Having grown up by the sea, I am drawn to THE ANCHOR CROSS the Christian Symbol of Hope and Steadfastness depicted as one of the forty-eight in the chapel. Hebrews 6:10. “We have this hope, a sure and steadfast anchor of the soul… P.S. this most recent chapter in my personal church history – Brill Chapel has an indoor bathroom, an in tune piano, and organ, beautiful stained glass windows, and people who live in HOPE. If you have not read the book on the history of Brill Chapel, please take time to do so in the holder outside the Chaplain’s Office.
In 2006, our last parent was soon to pass on. Our only child, son John, lived near Oklahoma City with his wife Jamie and their soon-to-be five children. We loved our home in San Diego but wanted to be closer to our family. So, the search began in OKC.
My husband, Bill had some teaching assignments here at our son’s Missionary Training Boot Camp and used his free time to visit the various senior retirement residential communities in the area. When he returned home and we discussed it, there was only one that met our 5-item “want” list. That was Epworth.
High on that list was a dedicated place for worship and a full-time chaplain. Brill Chapel and Epworth’s commitment to a full-time chaplain assured us of the spiritual care we would need at times. The beautiful Chapel with its stain glass windows encouraged meditation and inspiration. As we learned of the programs in the Chapel – Sunday School, Vespers, and other special programs— it became obvious that this was the place for us.
We moved in March, 2007. It was a God-directed move. We have been blessed to be a part of the Brill Chapel program ever since.
The character study of Jacob is a fascinating one. The Bible has a wonderful way of presenting all the heroes of the faith—flaws and all. Jacob is, in many ways, the father of Israel (his sons are the heads of the 12 tribes).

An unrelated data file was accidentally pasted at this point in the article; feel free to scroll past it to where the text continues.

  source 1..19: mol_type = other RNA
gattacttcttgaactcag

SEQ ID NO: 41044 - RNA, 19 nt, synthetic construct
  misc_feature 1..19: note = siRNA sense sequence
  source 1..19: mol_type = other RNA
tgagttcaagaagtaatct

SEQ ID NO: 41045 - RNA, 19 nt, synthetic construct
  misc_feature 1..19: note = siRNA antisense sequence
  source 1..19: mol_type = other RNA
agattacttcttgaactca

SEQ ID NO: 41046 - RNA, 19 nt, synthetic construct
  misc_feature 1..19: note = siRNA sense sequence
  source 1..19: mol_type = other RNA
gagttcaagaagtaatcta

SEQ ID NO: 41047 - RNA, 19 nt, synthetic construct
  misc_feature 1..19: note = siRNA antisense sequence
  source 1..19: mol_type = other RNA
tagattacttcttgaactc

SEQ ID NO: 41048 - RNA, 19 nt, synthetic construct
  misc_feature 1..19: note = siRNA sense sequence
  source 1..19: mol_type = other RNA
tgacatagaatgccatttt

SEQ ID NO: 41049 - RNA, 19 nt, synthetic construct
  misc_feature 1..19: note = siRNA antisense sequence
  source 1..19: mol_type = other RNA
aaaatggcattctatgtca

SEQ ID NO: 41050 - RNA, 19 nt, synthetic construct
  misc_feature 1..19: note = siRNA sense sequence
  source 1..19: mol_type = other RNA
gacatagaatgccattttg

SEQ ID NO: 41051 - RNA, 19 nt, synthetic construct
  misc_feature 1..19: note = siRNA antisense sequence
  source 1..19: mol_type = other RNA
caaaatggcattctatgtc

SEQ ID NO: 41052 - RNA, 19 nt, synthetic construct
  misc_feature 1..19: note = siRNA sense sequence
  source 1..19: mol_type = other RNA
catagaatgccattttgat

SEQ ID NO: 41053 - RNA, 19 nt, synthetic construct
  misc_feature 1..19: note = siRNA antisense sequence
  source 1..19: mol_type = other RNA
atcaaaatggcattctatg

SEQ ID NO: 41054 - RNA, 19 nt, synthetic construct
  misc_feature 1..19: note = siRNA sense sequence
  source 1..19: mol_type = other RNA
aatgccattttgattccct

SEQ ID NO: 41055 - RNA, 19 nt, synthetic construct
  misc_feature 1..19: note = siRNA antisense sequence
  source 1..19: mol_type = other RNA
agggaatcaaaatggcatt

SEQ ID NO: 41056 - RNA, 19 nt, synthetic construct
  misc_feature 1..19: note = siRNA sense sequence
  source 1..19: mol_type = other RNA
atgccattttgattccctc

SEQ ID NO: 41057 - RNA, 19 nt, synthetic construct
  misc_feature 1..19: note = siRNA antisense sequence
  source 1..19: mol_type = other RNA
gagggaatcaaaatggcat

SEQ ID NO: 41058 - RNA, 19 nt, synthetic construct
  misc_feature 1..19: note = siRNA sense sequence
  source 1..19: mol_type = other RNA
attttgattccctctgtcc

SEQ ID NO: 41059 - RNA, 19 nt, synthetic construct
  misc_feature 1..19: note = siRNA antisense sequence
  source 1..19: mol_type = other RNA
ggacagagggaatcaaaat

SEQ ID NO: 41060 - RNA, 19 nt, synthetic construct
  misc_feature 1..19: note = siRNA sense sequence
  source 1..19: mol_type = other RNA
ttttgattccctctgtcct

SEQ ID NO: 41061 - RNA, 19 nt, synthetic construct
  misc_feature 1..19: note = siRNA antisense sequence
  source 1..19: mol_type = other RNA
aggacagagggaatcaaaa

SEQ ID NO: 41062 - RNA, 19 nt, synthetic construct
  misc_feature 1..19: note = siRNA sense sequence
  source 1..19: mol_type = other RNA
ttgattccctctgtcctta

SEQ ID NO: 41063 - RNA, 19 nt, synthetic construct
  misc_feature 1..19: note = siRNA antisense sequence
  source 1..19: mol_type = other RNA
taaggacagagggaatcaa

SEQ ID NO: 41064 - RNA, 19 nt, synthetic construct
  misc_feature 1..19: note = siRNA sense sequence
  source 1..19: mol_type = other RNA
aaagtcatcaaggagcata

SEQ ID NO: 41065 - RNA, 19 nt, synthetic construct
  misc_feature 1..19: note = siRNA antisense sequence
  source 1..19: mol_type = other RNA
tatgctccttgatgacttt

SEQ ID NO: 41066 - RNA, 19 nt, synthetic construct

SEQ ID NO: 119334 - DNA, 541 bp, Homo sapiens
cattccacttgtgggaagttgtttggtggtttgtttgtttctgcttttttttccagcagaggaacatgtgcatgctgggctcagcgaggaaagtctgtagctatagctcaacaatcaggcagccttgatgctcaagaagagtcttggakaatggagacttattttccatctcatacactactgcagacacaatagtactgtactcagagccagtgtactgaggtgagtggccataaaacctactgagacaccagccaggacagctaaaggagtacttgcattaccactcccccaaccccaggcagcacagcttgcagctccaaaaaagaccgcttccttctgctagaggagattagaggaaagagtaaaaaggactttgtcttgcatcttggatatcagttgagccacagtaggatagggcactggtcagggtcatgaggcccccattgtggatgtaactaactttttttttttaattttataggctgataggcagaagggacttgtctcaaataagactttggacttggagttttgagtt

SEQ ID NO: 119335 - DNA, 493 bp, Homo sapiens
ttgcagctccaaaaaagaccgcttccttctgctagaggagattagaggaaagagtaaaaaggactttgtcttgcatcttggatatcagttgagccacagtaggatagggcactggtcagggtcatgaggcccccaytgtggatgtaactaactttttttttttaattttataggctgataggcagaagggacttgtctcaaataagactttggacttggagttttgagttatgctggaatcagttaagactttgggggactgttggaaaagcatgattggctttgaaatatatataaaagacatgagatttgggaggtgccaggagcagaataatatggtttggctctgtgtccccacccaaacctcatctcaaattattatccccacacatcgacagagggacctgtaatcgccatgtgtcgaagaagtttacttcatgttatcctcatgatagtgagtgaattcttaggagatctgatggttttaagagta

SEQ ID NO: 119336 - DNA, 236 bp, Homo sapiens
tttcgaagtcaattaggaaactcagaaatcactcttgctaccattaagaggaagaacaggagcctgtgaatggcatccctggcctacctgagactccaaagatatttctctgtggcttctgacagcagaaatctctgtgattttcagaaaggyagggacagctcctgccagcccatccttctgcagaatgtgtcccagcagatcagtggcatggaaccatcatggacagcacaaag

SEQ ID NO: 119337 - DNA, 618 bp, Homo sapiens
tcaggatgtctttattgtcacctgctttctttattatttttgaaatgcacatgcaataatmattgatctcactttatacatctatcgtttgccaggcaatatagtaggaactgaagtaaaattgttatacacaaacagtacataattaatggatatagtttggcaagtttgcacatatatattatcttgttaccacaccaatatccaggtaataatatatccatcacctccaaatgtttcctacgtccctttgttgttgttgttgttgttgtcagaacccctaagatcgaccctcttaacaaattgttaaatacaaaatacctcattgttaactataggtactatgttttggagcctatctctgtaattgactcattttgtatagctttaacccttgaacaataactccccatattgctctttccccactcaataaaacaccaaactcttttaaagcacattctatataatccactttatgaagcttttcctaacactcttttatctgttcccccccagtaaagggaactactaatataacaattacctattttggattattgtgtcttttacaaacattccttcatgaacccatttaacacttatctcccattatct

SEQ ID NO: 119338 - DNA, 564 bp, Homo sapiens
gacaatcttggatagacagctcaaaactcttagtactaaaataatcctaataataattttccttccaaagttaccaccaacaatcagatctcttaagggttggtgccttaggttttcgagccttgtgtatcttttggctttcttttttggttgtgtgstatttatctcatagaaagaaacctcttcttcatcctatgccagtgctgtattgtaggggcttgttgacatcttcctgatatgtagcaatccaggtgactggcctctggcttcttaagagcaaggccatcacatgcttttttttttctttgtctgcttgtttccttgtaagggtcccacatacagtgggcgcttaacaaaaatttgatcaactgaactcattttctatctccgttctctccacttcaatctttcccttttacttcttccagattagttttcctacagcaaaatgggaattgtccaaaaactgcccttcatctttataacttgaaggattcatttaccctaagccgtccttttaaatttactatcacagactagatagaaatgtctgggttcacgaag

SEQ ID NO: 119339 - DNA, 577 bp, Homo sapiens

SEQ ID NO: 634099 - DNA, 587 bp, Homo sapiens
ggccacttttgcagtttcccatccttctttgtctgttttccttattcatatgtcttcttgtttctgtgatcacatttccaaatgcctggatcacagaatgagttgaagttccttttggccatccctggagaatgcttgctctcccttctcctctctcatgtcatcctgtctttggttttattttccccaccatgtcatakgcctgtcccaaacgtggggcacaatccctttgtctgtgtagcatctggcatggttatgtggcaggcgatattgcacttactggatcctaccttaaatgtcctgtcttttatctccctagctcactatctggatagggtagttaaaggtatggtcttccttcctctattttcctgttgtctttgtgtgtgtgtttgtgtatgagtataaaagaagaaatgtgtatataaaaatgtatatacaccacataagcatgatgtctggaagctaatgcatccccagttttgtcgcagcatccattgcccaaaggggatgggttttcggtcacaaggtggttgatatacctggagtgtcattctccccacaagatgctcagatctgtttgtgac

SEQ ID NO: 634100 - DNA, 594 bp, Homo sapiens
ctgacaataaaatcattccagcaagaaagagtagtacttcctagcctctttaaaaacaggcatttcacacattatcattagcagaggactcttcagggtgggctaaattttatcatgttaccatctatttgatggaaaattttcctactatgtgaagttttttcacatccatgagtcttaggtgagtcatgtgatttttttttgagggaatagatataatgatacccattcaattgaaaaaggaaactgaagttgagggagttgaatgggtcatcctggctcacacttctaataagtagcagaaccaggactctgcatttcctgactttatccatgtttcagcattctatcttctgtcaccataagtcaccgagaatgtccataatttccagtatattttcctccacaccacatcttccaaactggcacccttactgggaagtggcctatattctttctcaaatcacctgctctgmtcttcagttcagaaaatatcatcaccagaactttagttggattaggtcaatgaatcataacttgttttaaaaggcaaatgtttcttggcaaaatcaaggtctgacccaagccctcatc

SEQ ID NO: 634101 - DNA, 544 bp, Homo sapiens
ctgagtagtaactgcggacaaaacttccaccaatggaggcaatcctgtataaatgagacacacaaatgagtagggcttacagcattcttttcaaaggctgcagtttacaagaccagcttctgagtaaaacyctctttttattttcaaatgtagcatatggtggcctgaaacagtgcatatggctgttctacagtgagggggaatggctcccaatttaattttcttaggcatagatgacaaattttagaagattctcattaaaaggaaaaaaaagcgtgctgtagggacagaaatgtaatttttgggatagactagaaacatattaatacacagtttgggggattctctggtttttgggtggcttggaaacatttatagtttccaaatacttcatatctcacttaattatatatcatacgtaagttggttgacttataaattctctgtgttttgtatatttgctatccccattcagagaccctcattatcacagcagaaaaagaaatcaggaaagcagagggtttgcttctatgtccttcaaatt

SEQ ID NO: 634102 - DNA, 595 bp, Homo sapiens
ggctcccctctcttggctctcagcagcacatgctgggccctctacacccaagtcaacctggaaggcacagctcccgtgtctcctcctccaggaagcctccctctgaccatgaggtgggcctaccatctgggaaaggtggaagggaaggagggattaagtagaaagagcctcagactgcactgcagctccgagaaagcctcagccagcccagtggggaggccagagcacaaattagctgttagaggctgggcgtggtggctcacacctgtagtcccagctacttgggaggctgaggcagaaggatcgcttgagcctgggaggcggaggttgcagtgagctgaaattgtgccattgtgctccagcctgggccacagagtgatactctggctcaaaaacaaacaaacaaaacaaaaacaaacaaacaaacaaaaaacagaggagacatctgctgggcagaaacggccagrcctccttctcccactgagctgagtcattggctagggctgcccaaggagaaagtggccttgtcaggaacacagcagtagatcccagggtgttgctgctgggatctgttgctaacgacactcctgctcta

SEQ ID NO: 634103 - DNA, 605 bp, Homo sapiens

Genesis 46-49 Jacob has one last journey….to Egypt. On the way, as in times past, God assures Jacob of His presence and blessing. Israel (Jacob) has the beginnings of a great nation that God promised.
Once in Egypt, Jacob has an emotional reunion with Joseph and a brief but powerful visit with Pharaoh. Jacob blessed Pharaoh, and Pharaoh asked him his age. I love his answer: “The years of my pilgrimage are a hundred and thirty. My years have been few and difficult, and they do not equal the years of the pilgrimage of my fathers.”
Jacob refers to his life as a pilgrimage. How appropriate. He never owned any land. He made several “pilgrimages” in his life, I think his perspective echoes the words of the familiar hymn, “This world is not my home; I’m just a passin’ through.” Now to us, 130 years is a long time. Yet Abraham lived 175 years, Isaac 180. So, to Jacob, his time was short. He also sees them as difficult. Later, when blessing Joseph (48:15-16), he has a more optimistic view, that God had been his shepherd all the days of his life.
Jacob finished well. He worshiped, gave testimony to God’s blessing, gave blessings to each of his children, and then breathed his last. May God grant us Jacob’s perspective. We are all on a pilgrimage, with hard times and good, all in God’s care. By God’s grace, let us remain faithful and finish well – however long that may take.
I like to joke that fashion sense is not one of my spiritual gifts. Let’s just say that I am indebted to my wife for lots of help in that area. I still have bad memories of a lime green leisure suit paired with a floral shirt. That memory lingered thanks to being featured in a family photo that hung in the hallway for decades.
In our study this week, Jacob gives Joseph a coat of many colors. It was more than a simple gift from a loving father. It was a long-sleeved garment worn by the nobility of the day. It was a symbol of authority and favored position within the family. It marked Joseph as the future leader of the household, even though he was far from the firstborn. He was the firstborn of Rachel, and that was the key distinction that mattered to Jacob.
The coat immediately set Joseph apart from his brothers and exempted him from the menial tasks of farming and shepherding. This fueled the jealousy and hatred the other brothers had for Joseph, leading to his being sold into slavery.
Jacob ended the chapter mourning what he believed was the death of Joseph. He was deceived by his sons, much like he had deceived his father to steal the blessing from Esau. In a sense, he is reaping what he has sown. I hope you have avoided favoritism, and not been caught in its effects. Thank goodness God has loved us with an everlasting love, and He does not show partiality. Show that love to those around you this week